In a country without guts or common sense these days, host Tavis Smiley showed both bravery and reason recently when he dared utter the words: “This has gone too far.” He was, of course, referring to the PBS decision to suspend distribution of his talk show. Like multiple prominent men before him this year, he was targeted because at least one woman from his past claimed that he had inappropriate relations with her, relations that fell into the realm of sexual misconduct.
Mr. Smiley, or course, follows film mogul Harvey Weinstein, comedian Louis C.K., morning show anchors Matt Lauer and Charlie Rose, and a host of other famous men who have lost their high profile jobs this year, swept up in the so-called “MeToo” movement.
The movement, in many ways, is a modern manifestation of the decades-long American feminist and women’s right movements, where women recently have become empowered to not remain silent over the historical sexual abuse and advances of powerful men.
I have no problem with this movement, at its essence. Sexual harassment is wrong, especially the quid pro quo variety, when someone in a superior position requests sexual favors in exchange for a job, success or advancement. Where I do have a problem, however, is with the way these modern accusations are being handled. In many instances, it appears these famous men are being fired or suspended without due process of any kind; this sets a dangerous precedent for American society and amounts to no less than summary execution. Imagine if our legal system adopted such practices, where people were convicted and imprisoned — or worse — without hearing or trial, and guilt was based solely on the words of others.
Will the social justice of the MeToo movement one day affect our traditional justice system? American society mutates in different directions each day, it seems, now more rapidly than ever, and who knows what to expect from one day to the next?
And what will happen to Tavis Smiley, to Matt Lauer, to Charlie Rose, to actor Kevin Spacey, to journalist Mark Halperin? These are men I have watched and admired for years. What will happen to them now that “justice,” apparently based largely on the popular demands of a social movement, has publicly shamed them and killed their careers? Will they get second chances at some point, chances at redemption? No one seems to be asking these questions. But these men are human beings too with flaws — just like their accusers and the bosses that fired or suspended them. Let us not forget that.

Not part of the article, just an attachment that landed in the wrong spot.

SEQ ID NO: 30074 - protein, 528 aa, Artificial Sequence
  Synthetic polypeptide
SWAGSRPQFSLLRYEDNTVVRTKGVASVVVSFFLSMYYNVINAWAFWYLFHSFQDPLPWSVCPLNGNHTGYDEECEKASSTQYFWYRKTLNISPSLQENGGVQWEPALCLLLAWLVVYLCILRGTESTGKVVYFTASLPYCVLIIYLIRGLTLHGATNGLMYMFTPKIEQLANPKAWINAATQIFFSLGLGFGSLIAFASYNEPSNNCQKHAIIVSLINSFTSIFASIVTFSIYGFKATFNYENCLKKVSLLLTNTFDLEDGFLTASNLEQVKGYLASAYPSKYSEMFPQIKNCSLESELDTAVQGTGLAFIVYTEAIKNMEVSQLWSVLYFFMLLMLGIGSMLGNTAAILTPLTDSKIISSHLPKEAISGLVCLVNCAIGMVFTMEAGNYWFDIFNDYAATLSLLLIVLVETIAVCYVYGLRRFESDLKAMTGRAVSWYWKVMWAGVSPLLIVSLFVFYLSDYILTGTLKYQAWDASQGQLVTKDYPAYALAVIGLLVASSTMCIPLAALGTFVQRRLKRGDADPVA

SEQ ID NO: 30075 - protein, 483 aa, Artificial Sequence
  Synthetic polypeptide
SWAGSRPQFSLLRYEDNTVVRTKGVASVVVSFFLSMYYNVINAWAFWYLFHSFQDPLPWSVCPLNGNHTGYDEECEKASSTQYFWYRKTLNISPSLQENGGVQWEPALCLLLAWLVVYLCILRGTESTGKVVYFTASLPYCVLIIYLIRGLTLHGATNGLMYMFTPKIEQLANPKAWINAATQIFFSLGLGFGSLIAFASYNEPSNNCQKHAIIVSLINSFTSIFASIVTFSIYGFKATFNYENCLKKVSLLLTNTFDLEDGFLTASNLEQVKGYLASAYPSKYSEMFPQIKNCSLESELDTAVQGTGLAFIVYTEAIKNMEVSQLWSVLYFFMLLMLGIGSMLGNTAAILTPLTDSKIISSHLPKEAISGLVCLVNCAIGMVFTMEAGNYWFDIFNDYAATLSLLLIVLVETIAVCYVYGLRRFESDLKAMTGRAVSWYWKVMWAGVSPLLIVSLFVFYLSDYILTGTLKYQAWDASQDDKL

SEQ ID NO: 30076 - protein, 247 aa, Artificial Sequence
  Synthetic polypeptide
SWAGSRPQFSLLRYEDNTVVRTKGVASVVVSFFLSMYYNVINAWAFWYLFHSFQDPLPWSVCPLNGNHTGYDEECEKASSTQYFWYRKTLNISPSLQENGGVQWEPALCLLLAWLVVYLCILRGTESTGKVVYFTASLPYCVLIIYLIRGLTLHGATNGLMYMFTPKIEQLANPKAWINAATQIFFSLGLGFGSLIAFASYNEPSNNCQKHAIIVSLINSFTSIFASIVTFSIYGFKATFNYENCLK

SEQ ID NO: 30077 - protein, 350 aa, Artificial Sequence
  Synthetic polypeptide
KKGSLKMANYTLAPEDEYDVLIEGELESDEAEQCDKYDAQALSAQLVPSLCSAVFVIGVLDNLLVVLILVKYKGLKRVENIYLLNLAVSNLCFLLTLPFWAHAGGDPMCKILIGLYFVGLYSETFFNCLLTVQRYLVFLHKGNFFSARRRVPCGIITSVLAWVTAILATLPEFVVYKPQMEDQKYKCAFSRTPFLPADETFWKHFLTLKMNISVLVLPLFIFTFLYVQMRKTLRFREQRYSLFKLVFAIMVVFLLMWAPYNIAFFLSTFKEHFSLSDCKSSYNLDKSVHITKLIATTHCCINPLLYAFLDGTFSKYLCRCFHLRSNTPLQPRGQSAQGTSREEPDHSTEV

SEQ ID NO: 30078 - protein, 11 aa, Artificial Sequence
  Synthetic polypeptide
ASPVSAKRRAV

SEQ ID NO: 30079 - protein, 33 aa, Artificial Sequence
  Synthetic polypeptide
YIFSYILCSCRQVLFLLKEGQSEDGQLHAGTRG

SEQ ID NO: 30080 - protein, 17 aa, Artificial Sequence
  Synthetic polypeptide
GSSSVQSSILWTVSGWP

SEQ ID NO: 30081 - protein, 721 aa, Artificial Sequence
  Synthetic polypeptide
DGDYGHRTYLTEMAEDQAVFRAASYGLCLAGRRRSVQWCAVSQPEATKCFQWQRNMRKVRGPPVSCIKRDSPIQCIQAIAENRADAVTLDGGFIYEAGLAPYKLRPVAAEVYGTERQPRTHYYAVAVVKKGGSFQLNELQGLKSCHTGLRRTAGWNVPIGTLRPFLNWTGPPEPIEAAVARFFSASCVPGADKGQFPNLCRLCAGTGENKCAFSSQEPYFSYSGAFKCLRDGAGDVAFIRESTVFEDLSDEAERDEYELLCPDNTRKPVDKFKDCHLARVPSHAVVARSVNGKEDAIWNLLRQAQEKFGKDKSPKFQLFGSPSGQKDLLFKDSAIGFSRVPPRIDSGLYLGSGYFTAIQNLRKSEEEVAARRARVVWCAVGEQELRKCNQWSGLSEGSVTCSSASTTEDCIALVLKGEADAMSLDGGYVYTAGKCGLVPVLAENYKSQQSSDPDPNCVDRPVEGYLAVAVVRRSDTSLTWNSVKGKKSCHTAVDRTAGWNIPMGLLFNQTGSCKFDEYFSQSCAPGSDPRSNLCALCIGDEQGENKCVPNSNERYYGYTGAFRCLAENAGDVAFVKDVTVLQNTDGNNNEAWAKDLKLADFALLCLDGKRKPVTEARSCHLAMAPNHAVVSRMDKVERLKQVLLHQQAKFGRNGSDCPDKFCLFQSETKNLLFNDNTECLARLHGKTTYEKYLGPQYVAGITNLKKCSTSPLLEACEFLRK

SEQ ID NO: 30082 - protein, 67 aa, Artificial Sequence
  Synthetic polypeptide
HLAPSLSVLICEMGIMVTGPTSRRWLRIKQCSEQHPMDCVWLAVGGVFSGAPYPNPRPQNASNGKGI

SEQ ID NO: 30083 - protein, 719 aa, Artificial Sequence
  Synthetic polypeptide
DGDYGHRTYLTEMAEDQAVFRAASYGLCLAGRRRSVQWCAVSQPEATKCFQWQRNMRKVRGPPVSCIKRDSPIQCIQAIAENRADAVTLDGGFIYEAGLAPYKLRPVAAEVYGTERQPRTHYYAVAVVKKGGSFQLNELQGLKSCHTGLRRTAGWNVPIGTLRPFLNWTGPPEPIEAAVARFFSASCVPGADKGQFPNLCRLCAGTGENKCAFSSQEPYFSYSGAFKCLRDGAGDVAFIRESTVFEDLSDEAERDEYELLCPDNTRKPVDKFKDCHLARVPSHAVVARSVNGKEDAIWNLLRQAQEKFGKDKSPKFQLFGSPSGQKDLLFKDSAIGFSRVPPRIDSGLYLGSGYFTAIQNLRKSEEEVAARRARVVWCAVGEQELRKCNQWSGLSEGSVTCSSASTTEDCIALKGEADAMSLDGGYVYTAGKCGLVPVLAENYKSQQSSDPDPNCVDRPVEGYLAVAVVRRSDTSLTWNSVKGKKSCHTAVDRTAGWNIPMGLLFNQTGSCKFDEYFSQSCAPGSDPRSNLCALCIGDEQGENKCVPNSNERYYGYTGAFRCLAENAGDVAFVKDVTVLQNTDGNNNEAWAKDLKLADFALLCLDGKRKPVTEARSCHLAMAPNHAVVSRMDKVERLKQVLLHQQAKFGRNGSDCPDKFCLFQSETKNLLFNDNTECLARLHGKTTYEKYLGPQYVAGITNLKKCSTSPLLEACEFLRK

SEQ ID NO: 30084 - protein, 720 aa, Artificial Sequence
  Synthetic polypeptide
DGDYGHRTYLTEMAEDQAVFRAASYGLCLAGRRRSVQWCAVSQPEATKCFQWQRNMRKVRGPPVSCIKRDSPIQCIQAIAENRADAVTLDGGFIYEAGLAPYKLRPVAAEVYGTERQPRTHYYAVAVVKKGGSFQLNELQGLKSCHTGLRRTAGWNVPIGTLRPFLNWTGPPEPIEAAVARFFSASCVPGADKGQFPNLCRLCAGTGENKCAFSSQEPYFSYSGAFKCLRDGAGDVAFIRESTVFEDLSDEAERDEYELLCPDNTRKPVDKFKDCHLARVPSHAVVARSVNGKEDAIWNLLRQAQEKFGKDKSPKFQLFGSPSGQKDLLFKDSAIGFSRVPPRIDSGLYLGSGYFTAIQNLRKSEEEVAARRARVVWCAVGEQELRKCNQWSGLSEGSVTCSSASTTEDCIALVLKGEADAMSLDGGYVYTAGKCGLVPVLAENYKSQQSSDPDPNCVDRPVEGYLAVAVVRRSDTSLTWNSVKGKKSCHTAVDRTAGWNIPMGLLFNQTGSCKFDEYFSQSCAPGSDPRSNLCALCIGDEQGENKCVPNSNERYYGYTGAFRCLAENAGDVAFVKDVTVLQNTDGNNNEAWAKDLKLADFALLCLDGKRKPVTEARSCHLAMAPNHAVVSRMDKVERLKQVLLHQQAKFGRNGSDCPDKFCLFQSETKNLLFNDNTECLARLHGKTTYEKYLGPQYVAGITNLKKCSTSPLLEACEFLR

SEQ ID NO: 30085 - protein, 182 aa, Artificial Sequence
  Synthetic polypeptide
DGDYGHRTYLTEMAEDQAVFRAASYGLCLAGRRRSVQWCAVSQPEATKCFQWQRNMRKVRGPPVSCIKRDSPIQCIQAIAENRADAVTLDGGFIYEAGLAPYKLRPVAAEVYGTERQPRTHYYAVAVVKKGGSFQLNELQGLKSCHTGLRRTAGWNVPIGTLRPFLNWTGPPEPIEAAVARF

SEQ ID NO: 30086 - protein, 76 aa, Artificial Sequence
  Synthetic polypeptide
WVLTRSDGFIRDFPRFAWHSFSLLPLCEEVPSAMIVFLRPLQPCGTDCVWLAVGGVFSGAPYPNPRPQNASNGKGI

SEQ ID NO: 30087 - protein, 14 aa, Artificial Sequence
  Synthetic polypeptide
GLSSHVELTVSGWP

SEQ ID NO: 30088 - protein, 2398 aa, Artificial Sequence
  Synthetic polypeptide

Film director Woody Allen warned of a witch hunt of men over sexual harassment accusations, after Harvey Weinstein fell — a prediction that received little attention in the news media, showing how blind, self-serving and unreflective media members can be — and, by extension, the country at-large. Mr. Allen turned out to be prophetic. His own problems and history aside, he deserves credit for predicting the exact kind of mess we are in now.
Also, I know U.S. schools might not teach American history like they used to, but does anyone else out there see any parallels between the current sexual harassment hysteria and the dogged search for communists during the McCarthy era of the 1950s? Am I the only one with chills running up my spine?
I predict that the lack of public due process these men have experienced will come back to haunt those who have failed to grant it. With injustice, what goes around comes around. There will be a future reckoning to match the reckoning the men have had to face over their past behaviors. We cannot address one crime — sexual harassment — by summarily sentencing someone before any kind of trial.
Michael Cromwell (email@example.com) is an English instructor.